Optimizing Network Performance

Network performance is a tricky thing to quantify because it's subjective. In some cases, people complain about the response time of the network when the traffic is at levels that are actually considered acceptable response times. Perception is often based on a user's view of reality at the moment. If you have an important presentation due in an hour, the network is liable to seem slower to you than it is if you have two weeks to finish your presentation.

There are ways to objectively measure the performance of your network and make changes accordingly. The Windows Task Manager shows performance numbers for your system overall and for your network in particular. To reach the Task Manager, you can either right-click an empty area of the taskbar and then click Task Manager or you can press Ctrl+Shift+Esc. Figure 7.6 shows an example of the Task Manager.

Figure 7.6. The Task Manager.

You can select the Task Manager's Performance and Networking tabs to see the load on your computer:

  • Performance tab On the Performance tab, you can get an idea of how busy your computer is by looking at the CPU Usage section of the screen. If this number stays at or around 100% consistently, you should look for a process that is taking more than its share of CPU time. To find a process that is using excessive CPU time, you select the Processes tab and then click the CPU column to sort. You then look for a process that is consistently using a large amount of CPU time, somewhere around 50% or more, on a continuous basis. When you identify such a process, you can stop it by right-clicking the process name and then clicking End Process. You just need to be sure not to try to stop the System Idle Process, which indicates how much time the CPU is idle.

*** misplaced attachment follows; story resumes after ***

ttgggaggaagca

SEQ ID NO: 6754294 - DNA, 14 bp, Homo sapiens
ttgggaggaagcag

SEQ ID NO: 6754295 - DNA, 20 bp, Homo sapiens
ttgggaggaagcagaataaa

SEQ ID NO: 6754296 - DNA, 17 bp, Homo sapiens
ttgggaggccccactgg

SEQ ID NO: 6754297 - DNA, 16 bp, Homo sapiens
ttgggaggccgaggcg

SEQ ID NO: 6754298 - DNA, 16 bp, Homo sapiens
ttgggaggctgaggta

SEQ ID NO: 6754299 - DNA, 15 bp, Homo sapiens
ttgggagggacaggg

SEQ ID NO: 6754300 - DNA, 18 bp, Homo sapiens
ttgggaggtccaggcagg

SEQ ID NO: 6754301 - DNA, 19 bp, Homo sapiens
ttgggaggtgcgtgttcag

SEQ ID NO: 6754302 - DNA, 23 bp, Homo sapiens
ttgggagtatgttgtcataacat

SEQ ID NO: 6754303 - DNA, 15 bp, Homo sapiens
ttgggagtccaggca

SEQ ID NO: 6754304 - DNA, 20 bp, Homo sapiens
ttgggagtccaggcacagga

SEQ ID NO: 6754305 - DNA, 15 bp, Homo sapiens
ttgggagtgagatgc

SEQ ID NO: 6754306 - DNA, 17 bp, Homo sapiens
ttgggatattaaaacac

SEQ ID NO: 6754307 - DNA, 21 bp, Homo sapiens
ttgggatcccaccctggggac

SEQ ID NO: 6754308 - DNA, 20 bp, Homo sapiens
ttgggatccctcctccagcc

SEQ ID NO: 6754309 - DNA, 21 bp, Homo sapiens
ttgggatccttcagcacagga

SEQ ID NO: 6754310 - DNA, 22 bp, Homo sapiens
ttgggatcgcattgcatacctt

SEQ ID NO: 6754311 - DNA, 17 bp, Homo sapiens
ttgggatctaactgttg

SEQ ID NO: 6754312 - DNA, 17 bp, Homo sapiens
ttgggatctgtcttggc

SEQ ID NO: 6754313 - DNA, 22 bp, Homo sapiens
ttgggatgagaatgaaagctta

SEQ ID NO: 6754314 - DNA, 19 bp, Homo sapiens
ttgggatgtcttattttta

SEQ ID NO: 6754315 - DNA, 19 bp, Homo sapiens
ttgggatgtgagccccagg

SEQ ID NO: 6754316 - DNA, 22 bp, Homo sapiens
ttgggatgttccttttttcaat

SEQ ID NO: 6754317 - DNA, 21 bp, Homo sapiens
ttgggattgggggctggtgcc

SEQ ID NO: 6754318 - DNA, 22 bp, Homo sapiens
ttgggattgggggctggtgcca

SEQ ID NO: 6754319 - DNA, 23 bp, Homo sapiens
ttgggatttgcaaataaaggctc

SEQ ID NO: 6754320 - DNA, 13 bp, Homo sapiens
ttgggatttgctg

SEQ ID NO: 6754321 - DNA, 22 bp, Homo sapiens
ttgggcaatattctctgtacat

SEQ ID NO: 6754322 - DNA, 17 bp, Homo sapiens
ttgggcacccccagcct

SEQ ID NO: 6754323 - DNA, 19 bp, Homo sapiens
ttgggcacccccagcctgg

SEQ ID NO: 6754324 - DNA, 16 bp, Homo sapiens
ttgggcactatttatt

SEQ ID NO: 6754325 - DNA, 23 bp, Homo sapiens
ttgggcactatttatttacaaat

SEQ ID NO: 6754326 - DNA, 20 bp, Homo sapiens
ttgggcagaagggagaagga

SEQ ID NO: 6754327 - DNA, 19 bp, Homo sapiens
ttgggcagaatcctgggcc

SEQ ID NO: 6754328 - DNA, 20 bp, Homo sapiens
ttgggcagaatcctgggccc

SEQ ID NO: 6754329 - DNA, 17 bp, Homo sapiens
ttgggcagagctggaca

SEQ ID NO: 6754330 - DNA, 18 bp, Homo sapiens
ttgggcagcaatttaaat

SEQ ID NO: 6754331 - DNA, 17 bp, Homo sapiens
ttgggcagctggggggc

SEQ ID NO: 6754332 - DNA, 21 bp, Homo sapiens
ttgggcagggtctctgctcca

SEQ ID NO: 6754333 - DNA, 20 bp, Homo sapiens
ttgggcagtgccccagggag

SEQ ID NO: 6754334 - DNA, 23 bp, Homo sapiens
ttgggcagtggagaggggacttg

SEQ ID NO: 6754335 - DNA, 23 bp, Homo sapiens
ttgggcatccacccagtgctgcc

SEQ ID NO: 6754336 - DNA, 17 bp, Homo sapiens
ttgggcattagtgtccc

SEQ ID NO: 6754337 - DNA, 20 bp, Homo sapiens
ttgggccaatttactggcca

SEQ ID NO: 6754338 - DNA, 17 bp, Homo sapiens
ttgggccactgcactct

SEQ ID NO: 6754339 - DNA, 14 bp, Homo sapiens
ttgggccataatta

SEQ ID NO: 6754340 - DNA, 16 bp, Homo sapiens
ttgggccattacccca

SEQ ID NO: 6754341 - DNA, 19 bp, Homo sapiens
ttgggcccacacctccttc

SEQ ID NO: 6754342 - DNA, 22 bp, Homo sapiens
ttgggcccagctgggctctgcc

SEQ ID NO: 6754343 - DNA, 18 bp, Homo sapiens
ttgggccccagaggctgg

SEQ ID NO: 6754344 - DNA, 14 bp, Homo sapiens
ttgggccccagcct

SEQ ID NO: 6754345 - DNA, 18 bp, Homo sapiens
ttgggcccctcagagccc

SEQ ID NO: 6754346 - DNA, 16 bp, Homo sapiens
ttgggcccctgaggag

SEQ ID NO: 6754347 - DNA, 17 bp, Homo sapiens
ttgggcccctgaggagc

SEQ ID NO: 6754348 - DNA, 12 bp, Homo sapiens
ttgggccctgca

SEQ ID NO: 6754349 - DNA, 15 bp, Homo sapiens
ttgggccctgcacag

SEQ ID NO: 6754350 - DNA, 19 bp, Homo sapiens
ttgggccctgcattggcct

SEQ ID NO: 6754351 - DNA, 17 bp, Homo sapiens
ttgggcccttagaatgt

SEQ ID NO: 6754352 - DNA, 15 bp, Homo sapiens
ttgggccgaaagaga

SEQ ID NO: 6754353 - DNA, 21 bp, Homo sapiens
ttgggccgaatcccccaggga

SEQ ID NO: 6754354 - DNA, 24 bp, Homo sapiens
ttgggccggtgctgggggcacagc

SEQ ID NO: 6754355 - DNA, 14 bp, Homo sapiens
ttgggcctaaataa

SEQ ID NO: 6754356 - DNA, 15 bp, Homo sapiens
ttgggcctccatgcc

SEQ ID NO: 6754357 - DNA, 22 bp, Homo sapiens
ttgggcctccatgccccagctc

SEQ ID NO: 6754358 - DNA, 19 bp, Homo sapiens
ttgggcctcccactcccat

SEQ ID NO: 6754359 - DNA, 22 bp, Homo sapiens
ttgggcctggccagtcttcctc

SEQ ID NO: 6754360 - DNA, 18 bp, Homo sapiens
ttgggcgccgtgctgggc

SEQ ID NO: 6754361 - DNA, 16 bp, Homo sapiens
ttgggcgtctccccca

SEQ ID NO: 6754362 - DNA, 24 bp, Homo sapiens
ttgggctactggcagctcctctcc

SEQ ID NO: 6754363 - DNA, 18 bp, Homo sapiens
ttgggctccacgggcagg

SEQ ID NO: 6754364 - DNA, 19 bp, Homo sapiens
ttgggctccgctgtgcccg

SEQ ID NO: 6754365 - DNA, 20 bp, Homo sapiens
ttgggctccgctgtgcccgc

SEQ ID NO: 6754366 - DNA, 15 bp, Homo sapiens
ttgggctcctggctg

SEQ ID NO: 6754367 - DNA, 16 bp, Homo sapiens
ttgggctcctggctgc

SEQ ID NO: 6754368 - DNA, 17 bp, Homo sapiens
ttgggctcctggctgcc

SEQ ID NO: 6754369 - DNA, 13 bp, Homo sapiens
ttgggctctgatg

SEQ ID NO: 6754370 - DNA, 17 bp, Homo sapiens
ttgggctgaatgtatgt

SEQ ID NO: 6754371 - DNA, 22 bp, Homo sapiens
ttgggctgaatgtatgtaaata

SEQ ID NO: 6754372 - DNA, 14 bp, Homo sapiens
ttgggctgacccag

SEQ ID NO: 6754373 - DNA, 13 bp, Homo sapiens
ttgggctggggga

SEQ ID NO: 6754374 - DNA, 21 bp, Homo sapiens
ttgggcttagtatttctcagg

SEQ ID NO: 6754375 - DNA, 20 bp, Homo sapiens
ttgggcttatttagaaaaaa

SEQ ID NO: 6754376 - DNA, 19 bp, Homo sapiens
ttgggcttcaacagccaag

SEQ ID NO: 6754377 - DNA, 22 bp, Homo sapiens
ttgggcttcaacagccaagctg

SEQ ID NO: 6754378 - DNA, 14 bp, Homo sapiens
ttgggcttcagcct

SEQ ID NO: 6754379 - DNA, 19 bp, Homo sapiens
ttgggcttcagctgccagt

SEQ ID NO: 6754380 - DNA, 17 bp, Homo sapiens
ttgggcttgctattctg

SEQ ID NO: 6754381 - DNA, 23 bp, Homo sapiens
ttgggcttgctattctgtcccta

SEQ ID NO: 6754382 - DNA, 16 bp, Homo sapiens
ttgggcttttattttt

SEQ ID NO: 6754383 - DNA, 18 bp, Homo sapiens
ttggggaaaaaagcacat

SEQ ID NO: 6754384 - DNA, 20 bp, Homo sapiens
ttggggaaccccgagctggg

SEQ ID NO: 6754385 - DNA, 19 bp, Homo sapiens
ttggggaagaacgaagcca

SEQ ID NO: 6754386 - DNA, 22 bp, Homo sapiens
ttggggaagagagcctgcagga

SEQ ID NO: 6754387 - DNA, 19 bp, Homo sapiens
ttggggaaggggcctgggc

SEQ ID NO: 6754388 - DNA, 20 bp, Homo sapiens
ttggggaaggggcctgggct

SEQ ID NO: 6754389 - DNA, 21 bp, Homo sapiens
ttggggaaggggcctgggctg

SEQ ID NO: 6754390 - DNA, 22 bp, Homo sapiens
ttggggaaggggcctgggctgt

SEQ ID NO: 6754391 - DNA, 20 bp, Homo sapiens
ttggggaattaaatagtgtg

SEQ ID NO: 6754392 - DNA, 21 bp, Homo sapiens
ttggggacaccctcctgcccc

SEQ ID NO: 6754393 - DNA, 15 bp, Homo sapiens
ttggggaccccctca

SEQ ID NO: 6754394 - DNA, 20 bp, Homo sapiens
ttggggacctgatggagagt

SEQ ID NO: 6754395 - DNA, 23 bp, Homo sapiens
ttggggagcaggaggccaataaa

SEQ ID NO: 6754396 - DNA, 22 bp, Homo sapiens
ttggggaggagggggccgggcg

• Networking tab The Networking tab shows the utilization for each of the network cards installed in your computer. On a typical home network, you don't see enough activity to overly tax your NICs. You should check this screen if your network feels slower than usual. I recommend that whenever you deal with a network, you should set a baseline. The baseline in this case would be a check of network utilization during normal computer use that you can later compare to usage that seems unacceptable.

Create Your Own Home Networks
Create Your Own Home Networks
ISBN: 0672328321
EAN: 2147483647
Year: 2003
Pages: 82
Authors: Eli Lazich

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